The ULC's data-privacy committee
The work begins...
Today is the first in-person meeting of the drafting committee of the Uniform Collection and Use of Personally Identifiable Data Act, which will focus on data-privacy issues. Although there is a discussion draft of the proposal, the work is just beginning. Over the next two years, the committee will meet several times and go line-by-line, debating (and redebating) language and concepts. Additionally, the measure will be considered at two Annual Meetings of the Uniform Law Commission where, again, it will be debated line-by-line.
I've written before about the ULC's unique capacity and track record around successful technology-related policymaking. My instinct is that the ULC will rise to the occasion again.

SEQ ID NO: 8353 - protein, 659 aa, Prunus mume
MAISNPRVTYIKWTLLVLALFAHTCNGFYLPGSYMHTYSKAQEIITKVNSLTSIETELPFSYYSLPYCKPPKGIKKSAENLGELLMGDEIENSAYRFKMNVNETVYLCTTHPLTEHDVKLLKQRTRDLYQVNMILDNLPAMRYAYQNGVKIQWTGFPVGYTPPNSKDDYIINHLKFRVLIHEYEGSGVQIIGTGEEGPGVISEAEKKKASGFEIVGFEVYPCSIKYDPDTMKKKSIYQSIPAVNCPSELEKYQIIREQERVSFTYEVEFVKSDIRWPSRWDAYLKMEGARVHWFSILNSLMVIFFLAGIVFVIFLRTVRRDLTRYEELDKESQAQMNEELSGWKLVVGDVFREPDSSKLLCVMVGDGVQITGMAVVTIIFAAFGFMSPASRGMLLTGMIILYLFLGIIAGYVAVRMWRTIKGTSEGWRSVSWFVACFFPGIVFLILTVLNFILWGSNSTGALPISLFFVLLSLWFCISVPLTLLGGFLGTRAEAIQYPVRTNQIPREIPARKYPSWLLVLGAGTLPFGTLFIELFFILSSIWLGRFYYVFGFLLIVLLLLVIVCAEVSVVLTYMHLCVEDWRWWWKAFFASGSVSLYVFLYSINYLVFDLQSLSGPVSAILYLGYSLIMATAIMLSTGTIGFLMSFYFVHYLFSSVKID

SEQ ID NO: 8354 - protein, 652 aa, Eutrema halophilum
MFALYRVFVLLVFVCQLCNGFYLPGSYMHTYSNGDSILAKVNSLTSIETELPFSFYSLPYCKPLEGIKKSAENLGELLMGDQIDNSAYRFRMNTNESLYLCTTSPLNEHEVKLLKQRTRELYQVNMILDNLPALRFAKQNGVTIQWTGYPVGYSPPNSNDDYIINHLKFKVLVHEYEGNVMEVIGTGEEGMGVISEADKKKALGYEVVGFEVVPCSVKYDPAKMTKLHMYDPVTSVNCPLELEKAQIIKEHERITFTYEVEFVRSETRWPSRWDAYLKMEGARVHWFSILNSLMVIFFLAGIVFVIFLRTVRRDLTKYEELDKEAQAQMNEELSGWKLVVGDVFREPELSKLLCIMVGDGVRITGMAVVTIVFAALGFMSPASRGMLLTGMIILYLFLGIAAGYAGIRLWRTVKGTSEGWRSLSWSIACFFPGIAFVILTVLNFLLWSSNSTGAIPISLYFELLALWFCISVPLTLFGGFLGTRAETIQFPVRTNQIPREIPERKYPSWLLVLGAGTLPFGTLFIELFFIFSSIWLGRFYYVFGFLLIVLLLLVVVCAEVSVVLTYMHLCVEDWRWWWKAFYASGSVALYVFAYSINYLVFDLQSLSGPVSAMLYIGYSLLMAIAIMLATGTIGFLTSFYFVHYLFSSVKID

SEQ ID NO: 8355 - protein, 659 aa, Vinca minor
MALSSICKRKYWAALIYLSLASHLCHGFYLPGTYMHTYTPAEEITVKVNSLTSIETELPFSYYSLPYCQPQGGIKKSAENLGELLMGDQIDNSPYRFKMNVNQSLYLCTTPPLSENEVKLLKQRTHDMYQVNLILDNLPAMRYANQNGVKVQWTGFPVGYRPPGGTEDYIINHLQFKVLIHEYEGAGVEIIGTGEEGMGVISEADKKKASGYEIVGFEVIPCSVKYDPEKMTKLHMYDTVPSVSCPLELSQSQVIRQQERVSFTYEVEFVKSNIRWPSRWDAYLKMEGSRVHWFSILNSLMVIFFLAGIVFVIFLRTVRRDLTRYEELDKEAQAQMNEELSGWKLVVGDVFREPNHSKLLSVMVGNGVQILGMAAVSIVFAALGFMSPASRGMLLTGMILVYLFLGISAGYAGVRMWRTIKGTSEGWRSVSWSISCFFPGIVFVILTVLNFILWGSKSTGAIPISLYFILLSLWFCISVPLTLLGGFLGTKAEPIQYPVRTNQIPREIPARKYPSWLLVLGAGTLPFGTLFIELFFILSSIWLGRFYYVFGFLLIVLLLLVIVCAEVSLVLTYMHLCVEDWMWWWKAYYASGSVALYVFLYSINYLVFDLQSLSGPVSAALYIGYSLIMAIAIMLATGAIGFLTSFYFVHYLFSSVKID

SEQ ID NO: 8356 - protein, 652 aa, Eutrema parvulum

Although many of those who live “at the intersection of policy and technology” have asked for congressional intervention into the issues of data privacy, I am excited by the prospect of data-privacy legislation remaining a state-level concern. Although there is a role for national privacy protections, the issues at stake (consent, contract law, and the cluster of “privacy” torts) have historically been state-level issues.
The common objection to having states (as opposed to Congress) legislate in the area is that you may have a patchwork of regulations; fortunately, the ULC exists to blunt that objection. And if Congress legislates, it will almost certainly preempt the right of states to enforce laws at a local level. To me, the ULC seems like the best path forward for reasonable data-privacy legislation in the US.
Time will tell whether the drafting committee and the ULC will fashion a proposal worthy of enactment. This measure, in particular, will be difficult work. Nonetheless, I am fortunate enough to be on the drafting committee and am eager to put my shoulder into it.
If you have thoughts or ideas for me about topics I should discuss or think about in the process, drop me an email or a comment below!